Posted on November 20, 2022 at 3:16 pmA-
|Lowest Recommended Age:||High School|
|MPAA Rating:||Rated PG-13 for thematic elements, brief violence, some strong language, and drug use|
|Alcohol/ Drugs:||alcohol, marijuana|
|Diversity Issues:||A theme of the movie|
|Date Released to Theaters:||November 23, 2022|
A small boy is about to see his first movie, and it is 1952, so it is in a big, dark theater, on a big, bright screen. His engineer father is explaining persistence of vision, the optical/neurological factors that make us think that still pictures shown to us 22 times a second are moving. “The photographs pass faster than your brain can keep up.” His artist/musician mother has a different description of what movies are: “They’re like dreams that we never forget.” And of course, both are right.
That boy will be dazzled by the movie, which would go on to win the Oscar for best picture in 1952, “The Greatest Show on Earth,” an exciting story of a circus. The train crash sequence was so big and so real that he could not get it out of his mind for days and days. He asks his parents for a train set for Hanukkah, and as he opened up a new train car each night he imagined re-creating — understanding — controlling — that crash. His father (Paul Dano as Burt) chides him for breaking the train. His mother (Michelle Williams as Mitzi) suggests that he take the family’s home movie camera and film one last crash, so he can watch it as many times as he likes.
As the title suggests, “The Fabelmans” has a touch of myth, of movie magic, as Mrs. Fabelman would say, a dream. But it is also as Mr. Fabelman would approve, grounded in facts and mechanical reality. Steven Spielberg co-wrote the film with Tony Kushner, based on his own life as a child and a teenager. It brims with love for his family, with the kind of understanding that it takes decades to achieve, if ever. And it is told with the true mastery of a brilliant filmmaker equally grounded in the mechanics of movies and the creation of big, engrossing dreams for us to watch together in the dark.
No one understands cinematic storytelling better than Spielberg, and seeing him tell his own story using the very techniques this film gives us a chance to see as they develop makes this one of the best films of the year and one of the best films ever from a master storyteller. Cinematography by Janusz Kaminski and music by Spielberg’s longtime favorite John Williams gorgeously evoke the past without making it seem musty or distant. Watching it feels like a gift.
As the movie begins, money is tight and Burt has to supplement his salary by fixing televisions. But his gift in designing the fundamentals that would lead to personal computers leads to a new job offer in Phoenix. The Fabelmans move, and Burt brings along his best friend Bennie (Seth Rogen), so beloved by everyone that he feels like family. Burt is a loving husband and father but very serious and methodical. Bennie is fun, always making everyone laugh.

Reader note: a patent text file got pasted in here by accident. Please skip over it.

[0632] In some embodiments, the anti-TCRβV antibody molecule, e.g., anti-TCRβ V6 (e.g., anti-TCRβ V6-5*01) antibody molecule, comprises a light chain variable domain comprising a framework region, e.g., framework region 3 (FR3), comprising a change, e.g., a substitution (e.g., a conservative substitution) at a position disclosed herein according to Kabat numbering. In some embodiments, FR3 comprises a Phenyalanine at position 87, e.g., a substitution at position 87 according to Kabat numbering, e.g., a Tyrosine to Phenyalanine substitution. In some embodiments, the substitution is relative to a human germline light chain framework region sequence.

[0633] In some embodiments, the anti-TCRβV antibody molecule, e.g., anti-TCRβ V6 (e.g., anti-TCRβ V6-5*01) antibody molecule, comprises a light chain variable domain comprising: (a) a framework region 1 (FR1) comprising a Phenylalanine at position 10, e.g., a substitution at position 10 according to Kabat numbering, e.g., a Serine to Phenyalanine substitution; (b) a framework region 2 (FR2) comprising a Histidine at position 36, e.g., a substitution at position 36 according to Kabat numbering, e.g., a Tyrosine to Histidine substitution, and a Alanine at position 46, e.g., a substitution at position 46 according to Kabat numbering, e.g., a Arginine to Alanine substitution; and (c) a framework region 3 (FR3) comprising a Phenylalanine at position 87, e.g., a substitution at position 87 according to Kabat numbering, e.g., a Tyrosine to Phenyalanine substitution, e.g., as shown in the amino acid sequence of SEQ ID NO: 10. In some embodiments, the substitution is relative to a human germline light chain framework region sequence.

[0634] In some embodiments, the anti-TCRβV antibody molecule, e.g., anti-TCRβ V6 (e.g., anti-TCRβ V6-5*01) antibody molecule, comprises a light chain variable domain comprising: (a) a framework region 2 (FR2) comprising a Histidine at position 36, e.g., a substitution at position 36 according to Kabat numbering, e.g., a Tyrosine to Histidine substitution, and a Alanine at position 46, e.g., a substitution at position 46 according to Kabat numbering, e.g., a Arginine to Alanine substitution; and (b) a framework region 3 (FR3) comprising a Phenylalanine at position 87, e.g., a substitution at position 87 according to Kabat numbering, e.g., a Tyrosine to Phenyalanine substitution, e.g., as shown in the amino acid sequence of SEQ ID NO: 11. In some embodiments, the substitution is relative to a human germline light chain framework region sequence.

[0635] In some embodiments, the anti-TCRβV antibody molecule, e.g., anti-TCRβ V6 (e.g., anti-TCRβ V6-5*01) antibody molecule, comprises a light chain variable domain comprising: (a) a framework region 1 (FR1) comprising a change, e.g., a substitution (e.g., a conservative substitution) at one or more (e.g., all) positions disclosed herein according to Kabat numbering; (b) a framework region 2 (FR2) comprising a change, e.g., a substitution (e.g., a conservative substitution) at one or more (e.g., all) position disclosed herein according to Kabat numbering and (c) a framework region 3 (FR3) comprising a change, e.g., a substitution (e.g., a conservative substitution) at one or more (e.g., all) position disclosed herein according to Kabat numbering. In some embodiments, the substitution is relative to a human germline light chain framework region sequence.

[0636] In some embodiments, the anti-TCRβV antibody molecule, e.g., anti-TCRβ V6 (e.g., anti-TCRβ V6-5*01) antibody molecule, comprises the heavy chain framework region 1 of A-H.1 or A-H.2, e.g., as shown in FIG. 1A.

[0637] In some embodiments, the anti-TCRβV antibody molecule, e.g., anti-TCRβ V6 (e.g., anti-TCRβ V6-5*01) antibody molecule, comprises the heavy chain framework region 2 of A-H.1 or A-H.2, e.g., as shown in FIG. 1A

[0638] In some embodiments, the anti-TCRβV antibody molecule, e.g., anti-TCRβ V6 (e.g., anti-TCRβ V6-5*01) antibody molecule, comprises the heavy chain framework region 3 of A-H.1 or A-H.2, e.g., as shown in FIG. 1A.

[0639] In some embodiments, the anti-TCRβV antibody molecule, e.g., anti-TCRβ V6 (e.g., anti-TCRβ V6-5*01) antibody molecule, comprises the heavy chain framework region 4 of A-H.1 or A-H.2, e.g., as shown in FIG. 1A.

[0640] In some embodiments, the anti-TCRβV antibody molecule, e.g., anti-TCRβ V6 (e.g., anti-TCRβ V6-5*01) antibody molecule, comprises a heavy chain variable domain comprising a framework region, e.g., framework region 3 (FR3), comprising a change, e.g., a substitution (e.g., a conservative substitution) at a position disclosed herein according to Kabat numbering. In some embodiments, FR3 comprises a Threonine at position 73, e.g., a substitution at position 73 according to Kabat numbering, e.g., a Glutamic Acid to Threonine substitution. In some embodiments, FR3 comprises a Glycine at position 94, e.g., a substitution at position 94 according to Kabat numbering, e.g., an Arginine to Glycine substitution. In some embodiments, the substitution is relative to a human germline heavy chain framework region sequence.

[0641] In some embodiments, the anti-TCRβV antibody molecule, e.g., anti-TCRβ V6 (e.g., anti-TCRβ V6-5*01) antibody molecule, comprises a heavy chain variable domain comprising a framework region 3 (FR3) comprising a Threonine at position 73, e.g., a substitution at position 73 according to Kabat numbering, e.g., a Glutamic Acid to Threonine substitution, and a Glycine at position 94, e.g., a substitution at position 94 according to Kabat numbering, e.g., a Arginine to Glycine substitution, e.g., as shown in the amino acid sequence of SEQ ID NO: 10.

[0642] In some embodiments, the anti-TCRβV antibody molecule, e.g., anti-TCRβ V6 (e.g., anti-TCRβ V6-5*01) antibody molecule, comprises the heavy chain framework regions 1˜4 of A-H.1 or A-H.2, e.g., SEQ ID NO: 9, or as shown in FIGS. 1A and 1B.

Sammy keeps making movies, casting his younger sisters and later his Boy Scout troop in remarkably ambitious and creative films (you can see the real ones, meticulously re-created here, on YouTube). As a teenager, now sensitively played by Gabriel LaBelle, his movies get more complex. In one lovely moment, a hole punched in sheet music by a high heeled shoe inspires a brilliant and very analog special effect only the son of both an artist and an engineer could concoct.
Form and content follow each other and intertwine, especially with a sensational final shot, as Sammy/Steve begins to understand the potential and the power of story-telling. When his mother is sad, his father asks him to make a movie to cheer her up. When he is editing one of his family films, he sees on celluloid what he missed when he was standing there. When he cannot tell his mother why he is upset, shows her a film to explain. In an agonizing moment, he cradles the camera like a teddy bear. Through chance, he is able to use a professional camera and through a combination of determination and chance he meets and gets some surprising advice from one of the all-time movie greats.
He is confronted with the challenges of family conflict and adolescence. He is bullied for being Jewish. He wants to kiss a girl. He feels betrayed by two people he loves. An uncle in show business (a terrific brief role for Judd Hirsch) tells him that he will always be torn between love and art — and that he will choose art.
Williams and Dano are superb as the Fabelmans. As Mitzi watches the movie Sammy made for her and as she tries to explain a difficult decision to Sammy we see clearly the range of emotions she is feeling, including the perpetual struggle of all parents between her needs and the wishes of her children. Spielberg and Kushner bring compassion to these characters that they themselves struggle to find.
They also convey the exceptional ability to observe and analyze that is the great gift of any artist, to be cherished and nourished by imagination, but that must be reined in to allow for personal connection. Only the rarest of talents can bring both to their work and that is what makes this film a joy.
NOTE: My daughter worked on some of the costumes of this film which are, of course, outstanding under the direction of Oscar-winner Mark Bridges.
Parents should know that this film includes family tensions, adultery, and divorce, some strong language, alcohol and marijuana.
Family discussion: Why could Sammy see things more clearly through the camera than he could without it? Why was Logan upset by the Ditch Day movie? How did each of his parents influence Sammy?
If you like this, try: “Belfast” and Spielberg movies like “E.T. the Extraterrestrial” and “Close Encounters of the Third Kind”